Welcome to our new web site!
To give our readers a chance to experience all that our new website has to offer, we have made all content freely available, through August 1, 2019.
During this time, print and digital subscribers will not need to log in to view our stories or e-editions.
The dew this morning is glistening on the spider webs in the grass. The sun outlines the delicate webs with dewdrop jewels and makes what, as children, we called “fairy tablecloths.” I …
The dew this morning is glistening on the spider webs in the grass. The sun outlines the delicate webs with dewdrop jewels and makes what, as children, we called “fairy tablecloths.”
I can once again feel the waning season in the early morning sun, which is revealing the spiders’ craftsmanship. We are suspended in that golden instant between the seasons where the crickets hum their perpetual late summer song. Here and there, a red leaf has already appeared, leading the way to autumn. The roadside is lined with asters and the plumes of goldenrod as if in a pageant for the Goldenrod King of Autumn.
My garden is a revolution of weeds. Cilantro gone to seed and the spent stalks of gladiolus have overrun the Thanksgiving sage and thyme. The herbs themselves have become tangled in morning glory vines. All that’s left are the bobbing shapes of the spectacular pumpkins my husband, John, grew this summer. Large, with curving, ribbed rinds; they are worthy candidates to chauffeur any Cinderella to a midnight ball. But fairy tales notwithstanding, they will make great soup as well as jack-o-lanterns for Halloween.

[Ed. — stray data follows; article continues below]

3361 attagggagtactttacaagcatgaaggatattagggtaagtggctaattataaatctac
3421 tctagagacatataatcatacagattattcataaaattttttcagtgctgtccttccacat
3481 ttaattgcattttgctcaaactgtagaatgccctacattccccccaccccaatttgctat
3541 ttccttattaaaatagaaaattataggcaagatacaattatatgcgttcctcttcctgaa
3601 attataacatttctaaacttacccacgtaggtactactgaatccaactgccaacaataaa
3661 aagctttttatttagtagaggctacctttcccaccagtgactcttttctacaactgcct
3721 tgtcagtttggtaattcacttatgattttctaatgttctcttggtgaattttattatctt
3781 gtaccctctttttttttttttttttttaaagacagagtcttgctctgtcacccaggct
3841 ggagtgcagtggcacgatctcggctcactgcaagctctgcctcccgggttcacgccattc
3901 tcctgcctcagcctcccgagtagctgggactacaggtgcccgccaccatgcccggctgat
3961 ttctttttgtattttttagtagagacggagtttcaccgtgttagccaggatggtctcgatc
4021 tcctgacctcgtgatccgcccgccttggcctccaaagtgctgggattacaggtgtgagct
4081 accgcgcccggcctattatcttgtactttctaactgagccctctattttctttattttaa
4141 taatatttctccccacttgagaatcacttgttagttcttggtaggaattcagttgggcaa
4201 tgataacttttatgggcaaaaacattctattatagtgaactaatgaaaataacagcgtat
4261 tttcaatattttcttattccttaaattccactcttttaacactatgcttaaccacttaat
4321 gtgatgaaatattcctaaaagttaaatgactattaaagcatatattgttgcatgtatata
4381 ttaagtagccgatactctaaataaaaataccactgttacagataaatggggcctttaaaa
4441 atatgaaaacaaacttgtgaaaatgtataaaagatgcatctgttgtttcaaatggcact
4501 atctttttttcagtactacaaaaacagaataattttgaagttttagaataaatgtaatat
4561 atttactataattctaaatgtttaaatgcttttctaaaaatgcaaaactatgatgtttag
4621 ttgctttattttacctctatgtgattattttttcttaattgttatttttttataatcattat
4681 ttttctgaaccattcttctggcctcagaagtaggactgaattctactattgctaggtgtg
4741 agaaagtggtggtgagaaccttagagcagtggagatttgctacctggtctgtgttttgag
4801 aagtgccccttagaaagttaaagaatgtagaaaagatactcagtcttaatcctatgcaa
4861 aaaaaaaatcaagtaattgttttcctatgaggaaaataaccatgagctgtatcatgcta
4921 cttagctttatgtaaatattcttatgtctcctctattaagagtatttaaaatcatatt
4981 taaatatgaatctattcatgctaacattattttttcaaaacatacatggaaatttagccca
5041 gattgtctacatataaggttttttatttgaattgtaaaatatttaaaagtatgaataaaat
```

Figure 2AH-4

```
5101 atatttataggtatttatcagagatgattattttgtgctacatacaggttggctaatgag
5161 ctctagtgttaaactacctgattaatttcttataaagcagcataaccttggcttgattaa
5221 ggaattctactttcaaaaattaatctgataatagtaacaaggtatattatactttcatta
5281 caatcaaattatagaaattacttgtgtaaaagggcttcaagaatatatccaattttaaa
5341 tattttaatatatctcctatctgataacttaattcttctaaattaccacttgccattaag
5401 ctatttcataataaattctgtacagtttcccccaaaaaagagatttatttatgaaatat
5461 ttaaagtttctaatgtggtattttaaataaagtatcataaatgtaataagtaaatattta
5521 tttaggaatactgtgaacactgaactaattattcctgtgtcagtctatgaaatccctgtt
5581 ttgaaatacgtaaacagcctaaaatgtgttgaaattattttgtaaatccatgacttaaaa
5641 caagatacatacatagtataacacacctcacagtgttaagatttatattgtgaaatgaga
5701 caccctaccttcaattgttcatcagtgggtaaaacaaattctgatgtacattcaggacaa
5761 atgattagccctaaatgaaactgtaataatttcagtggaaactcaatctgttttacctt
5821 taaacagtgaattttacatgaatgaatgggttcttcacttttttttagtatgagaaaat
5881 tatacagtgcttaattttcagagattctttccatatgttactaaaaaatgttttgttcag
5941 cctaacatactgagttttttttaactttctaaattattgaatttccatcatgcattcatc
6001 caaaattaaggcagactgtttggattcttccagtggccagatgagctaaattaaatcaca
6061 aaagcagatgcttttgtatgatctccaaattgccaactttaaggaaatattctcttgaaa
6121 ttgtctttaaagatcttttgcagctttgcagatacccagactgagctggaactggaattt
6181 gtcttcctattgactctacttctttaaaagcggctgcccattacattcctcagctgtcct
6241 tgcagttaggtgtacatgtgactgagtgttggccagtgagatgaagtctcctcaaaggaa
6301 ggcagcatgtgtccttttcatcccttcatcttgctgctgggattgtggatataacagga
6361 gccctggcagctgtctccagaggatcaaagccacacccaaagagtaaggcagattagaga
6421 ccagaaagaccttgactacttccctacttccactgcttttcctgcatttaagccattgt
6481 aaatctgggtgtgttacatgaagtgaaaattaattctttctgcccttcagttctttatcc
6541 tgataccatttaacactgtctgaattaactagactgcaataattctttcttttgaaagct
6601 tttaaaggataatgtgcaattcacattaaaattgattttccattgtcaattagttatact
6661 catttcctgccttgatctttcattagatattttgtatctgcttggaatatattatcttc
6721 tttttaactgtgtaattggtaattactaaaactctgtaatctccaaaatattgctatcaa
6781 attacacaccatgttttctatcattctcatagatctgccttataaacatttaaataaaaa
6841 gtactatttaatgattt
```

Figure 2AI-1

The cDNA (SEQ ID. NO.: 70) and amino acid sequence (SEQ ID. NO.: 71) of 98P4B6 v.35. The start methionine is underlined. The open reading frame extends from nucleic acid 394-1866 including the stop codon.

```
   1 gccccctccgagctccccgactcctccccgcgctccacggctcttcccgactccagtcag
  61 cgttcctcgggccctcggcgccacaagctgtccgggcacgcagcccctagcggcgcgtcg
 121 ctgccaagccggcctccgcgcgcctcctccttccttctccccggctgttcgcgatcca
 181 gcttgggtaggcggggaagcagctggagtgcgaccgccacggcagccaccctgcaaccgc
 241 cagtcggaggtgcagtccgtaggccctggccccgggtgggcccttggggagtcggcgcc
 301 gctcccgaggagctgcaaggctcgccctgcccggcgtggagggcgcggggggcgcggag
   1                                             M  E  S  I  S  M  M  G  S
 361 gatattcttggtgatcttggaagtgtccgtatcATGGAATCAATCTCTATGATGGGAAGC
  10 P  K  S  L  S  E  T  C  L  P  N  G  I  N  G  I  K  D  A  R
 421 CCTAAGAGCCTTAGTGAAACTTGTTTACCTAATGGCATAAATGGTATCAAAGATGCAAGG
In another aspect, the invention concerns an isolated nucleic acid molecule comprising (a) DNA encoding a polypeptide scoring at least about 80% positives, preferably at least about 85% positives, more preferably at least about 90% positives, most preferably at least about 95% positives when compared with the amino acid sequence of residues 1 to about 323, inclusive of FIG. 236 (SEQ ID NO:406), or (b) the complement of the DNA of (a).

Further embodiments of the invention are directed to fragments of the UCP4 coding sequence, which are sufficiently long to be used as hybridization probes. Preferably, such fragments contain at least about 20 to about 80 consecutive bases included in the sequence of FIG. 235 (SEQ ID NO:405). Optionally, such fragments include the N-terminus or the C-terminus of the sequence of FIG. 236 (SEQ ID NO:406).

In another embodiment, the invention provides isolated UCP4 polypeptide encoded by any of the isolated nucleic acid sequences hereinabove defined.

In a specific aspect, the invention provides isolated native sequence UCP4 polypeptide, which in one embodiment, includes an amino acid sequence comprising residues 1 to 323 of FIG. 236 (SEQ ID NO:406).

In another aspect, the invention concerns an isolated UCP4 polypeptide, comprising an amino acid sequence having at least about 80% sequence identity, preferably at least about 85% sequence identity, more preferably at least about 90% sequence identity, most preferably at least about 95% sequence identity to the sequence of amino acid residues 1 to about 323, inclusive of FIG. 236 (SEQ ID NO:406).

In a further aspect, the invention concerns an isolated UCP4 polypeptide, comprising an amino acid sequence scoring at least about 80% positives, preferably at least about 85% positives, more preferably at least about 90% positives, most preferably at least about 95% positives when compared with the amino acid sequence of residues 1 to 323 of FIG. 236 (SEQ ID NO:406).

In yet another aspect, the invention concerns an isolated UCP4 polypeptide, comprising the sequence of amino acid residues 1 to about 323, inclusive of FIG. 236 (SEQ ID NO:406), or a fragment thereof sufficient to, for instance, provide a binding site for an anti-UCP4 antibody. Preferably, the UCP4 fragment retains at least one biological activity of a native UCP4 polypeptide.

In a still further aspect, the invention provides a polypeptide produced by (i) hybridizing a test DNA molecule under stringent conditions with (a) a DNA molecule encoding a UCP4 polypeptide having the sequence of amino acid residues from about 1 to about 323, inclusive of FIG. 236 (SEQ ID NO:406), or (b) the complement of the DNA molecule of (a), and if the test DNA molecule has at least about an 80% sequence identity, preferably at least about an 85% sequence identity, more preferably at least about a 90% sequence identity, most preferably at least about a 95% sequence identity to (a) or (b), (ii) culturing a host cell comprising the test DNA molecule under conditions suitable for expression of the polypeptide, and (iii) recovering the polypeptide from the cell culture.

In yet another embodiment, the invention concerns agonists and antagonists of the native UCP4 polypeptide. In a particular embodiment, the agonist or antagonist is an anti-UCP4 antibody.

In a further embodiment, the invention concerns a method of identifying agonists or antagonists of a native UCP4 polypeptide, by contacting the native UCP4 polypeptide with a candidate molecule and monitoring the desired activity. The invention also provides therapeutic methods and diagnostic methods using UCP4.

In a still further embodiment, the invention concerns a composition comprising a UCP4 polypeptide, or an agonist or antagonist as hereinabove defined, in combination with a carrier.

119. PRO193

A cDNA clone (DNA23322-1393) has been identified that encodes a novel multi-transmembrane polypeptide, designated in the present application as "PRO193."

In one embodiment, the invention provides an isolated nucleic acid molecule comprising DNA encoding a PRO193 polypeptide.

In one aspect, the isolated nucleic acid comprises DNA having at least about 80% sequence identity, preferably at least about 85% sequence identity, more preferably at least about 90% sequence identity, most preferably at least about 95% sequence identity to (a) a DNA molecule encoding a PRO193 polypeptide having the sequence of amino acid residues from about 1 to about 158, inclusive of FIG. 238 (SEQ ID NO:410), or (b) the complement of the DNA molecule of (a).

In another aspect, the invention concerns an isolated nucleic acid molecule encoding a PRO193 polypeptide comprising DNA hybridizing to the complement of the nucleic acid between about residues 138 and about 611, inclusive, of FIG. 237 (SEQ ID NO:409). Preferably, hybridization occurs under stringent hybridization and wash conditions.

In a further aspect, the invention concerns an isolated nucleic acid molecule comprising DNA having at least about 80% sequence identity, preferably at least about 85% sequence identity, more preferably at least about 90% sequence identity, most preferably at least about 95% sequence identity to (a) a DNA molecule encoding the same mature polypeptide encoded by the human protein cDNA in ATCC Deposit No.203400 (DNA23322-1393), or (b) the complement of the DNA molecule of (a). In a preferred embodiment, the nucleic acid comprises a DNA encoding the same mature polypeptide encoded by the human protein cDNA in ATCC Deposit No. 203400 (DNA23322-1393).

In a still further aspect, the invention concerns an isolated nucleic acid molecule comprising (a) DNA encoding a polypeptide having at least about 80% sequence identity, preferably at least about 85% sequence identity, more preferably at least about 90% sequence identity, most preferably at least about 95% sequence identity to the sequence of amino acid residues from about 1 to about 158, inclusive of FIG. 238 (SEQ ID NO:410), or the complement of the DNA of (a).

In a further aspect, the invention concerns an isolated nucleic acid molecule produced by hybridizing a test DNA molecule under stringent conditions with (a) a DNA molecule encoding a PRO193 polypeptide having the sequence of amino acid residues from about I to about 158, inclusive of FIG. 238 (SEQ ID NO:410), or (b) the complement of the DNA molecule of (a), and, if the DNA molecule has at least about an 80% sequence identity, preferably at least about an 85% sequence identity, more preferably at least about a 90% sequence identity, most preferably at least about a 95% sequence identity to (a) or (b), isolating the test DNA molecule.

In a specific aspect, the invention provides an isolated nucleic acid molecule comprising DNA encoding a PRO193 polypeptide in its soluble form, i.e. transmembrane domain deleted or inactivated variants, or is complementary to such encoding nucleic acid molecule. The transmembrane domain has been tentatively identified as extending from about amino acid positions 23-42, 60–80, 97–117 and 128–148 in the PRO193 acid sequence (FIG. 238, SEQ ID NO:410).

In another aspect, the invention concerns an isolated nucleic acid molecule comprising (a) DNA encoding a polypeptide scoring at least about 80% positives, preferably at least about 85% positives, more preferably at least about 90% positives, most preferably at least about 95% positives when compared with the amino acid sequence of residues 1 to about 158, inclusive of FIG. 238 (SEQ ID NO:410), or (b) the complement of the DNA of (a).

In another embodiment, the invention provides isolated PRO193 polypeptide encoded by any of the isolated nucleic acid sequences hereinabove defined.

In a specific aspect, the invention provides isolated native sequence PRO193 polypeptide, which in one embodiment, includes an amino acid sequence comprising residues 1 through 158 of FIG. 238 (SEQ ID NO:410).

Today is my day off from work. The sun that shone in the morning is gone, and now it has started to rain again. The heavy-headed sunflowers were dripping with rain when I ran out to get some parsley for the pot roast I am cooking. The pot roast will be our first supper of seasonal comfort food. As I peeled the potatoes I listened to the radio news describing the evacuation of the Carolina coast in anticipation of Hurricane Florence.
And, now, as I write this, we are waiting for the UPS to bring the new blades for the brush hog. My nephew is visiting and is continuing to mow sections of our old, overgrown farm. He is trying to get as much done as rain, mud and broken machinery will allow in the time he has available before winter sets in.
These are today’s concerns, fastening me to this moment of time and place. Here in this space between summer and fall.
Meanwhile, the Goldenrod King is sitting on his throne of stag-horn sumac, idly playing with milkweed pods. He throws their silky seeds to the wind and contemplates his gilded kingdom. He hears the cricket’s song. Too soon, too soon, they sing, this golden season will be gone.